When Facebook announced a new lossless compression algorithm on August 31, it looked very much like a case of life imitating art.

Pop culture followers saw parallels between the release of Zstandard and the fictional Pied Piper compression algorithm, the McGuffin driving the action in the HBO series “Silicon Valley,” which explores the high-tech gold rush that erupts when scientists produce an algorithm that more effectively compresses data.

Facebook’s Zstandard is open source and available for anyone to use, so there likely won’t be a repeat of the show’s bidding wars among investors. Still, the coming of a hyper-powerful new compression algorithm could be big news — in the mobile enterprise world, data compression is all about the effective use of resources. Efficient compression can save storage capacity, speed file transfers and decrease expenses related to storage hardware and network bandwidth.

It’s also a relatively straightforward process. “Software helps with data processing through compression, which encodes information, like text, pictures, and other forms of digital data, using fewer bits than the original. These smaller files take up less space on hard drives and are transmitted faster to other systems,” Facebook notes. But there is a trade-off, as the activities of compression tend to slow data processing.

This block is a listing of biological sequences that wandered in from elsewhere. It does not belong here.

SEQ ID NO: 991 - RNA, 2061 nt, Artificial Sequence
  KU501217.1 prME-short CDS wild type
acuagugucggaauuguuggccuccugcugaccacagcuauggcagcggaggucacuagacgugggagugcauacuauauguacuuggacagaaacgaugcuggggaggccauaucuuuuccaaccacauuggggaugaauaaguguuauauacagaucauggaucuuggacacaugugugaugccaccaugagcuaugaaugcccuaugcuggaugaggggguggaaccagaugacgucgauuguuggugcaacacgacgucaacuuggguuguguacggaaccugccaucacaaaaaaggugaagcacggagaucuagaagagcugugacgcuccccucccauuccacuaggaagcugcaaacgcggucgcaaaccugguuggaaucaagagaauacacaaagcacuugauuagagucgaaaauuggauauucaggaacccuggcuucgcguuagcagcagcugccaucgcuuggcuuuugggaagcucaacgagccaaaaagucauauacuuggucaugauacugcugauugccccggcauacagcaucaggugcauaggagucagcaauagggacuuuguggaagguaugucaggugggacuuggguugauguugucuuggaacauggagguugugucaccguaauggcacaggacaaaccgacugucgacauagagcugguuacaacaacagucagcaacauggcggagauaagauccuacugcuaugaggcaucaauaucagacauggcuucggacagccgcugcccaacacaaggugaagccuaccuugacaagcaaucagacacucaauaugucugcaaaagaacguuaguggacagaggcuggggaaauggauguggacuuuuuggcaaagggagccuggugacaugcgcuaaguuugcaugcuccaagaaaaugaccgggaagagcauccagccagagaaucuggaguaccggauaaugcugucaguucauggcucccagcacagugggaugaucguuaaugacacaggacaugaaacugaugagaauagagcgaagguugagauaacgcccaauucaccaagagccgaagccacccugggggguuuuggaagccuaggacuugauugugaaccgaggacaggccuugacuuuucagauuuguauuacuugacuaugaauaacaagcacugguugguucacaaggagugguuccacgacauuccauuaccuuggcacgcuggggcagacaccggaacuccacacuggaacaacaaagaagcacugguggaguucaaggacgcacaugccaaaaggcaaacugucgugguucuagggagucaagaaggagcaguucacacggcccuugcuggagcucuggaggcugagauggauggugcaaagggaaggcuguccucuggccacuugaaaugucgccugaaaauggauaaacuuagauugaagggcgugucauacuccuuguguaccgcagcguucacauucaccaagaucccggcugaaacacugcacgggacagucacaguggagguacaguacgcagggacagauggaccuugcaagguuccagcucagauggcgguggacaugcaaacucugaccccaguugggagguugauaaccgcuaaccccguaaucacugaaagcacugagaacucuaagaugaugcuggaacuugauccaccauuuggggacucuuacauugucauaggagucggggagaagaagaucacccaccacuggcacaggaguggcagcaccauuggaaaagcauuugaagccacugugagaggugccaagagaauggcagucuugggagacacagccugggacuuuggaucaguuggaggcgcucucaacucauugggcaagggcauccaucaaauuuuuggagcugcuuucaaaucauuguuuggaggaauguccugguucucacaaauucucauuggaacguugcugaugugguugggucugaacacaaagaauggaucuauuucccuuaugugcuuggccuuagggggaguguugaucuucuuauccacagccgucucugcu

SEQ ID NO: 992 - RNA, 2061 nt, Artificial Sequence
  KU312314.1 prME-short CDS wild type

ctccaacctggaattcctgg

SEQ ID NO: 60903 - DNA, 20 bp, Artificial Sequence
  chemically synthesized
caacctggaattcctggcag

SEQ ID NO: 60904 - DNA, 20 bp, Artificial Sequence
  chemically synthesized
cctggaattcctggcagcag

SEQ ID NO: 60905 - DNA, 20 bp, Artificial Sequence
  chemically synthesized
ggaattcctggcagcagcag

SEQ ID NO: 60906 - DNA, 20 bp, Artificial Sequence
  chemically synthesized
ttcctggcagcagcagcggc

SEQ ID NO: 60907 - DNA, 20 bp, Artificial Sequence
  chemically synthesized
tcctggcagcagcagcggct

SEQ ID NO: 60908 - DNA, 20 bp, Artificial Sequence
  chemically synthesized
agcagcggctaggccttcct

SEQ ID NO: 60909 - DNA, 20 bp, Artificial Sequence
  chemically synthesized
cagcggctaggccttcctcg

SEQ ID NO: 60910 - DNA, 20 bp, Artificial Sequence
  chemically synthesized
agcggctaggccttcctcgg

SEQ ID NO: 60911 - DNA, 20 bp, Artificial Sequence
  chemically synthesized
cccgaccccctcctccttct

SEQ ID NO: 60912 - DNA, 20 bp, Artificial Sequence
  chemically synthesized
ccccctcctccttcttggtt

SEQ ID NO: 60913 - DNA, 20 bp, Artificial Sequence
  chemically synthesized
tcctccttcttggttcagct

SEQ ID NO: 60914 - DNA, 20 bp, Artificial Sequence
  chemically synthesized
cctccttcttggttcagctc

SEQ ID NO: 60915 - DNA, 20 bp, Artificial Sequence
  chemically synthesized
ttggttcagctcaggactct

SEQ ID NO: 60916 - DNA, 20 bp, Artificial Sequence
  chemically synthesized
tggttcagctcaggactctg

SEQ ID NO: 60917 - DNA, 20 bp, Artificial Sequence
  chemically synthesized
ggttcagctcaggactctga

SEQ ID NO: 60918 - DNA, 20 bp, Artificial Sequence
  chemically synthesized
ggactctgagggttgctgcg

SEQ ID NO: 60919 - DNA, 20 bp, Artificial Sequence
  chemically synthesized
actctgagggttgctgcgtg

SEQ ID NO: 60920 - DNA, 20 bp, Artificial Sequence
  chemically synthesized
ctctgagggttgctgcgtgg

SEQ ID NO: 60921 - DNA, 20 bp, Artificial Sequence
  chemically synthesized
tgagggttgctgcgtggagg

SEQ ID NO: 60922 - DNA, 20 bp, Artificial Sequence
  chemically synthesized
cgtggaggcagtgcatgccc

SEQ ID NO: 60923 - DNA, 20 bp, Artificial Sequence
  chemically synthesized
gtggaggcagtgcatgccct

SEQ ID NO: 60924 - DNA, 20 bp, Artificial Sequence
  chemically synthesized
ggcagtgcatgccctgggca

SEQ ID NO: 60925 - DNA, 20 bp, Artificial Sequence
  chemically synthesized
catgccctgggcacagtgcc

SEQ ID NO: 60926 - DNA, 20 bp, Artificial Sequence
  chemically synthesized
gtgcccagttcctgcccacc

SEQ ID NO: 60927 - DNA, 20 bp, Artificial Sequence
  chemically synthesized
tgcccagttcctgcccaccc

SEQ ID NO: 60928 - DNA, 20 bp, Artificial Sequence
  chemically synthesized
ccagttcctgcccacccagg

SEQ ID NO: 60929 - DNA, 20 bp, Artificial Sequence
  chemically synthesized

A New Standard for Data Compression

For two decades, the Deflate algorithm has set the standard, driving compression processes such as Zip, gzip and zlib and baked into practically every modern device. But Facebook engineers say their new standard compresses data to be smaller, and does so faster: According to Facebook, Zstandard 1.0 can squeeze data 10 to 15 percent smaller and three to five times faster than competing standards. Facebook says it’s already used Zstandard to compress databases, backup systems and other data.

In a related announcement, Facebook also released open source code for MyRocks, a next-gen MySQL storage engine that’s enabling Facebook to reduce the number of servers needed to host its MySQL databases by half.

In the TV version of events, the release of the Pied Piper compression algorithm lights a fire under investors who foresee a big impact on enterprise users struggling to contend with today’s avalanche of data. The coming months could show whether the arrival of such a capability in the real world will have a similarly galvanizing effect in the mobile enterprise space.

Open source code has the potential to benefit everyone, as illustrated by the White House’s new initiative to make open source code available to the public.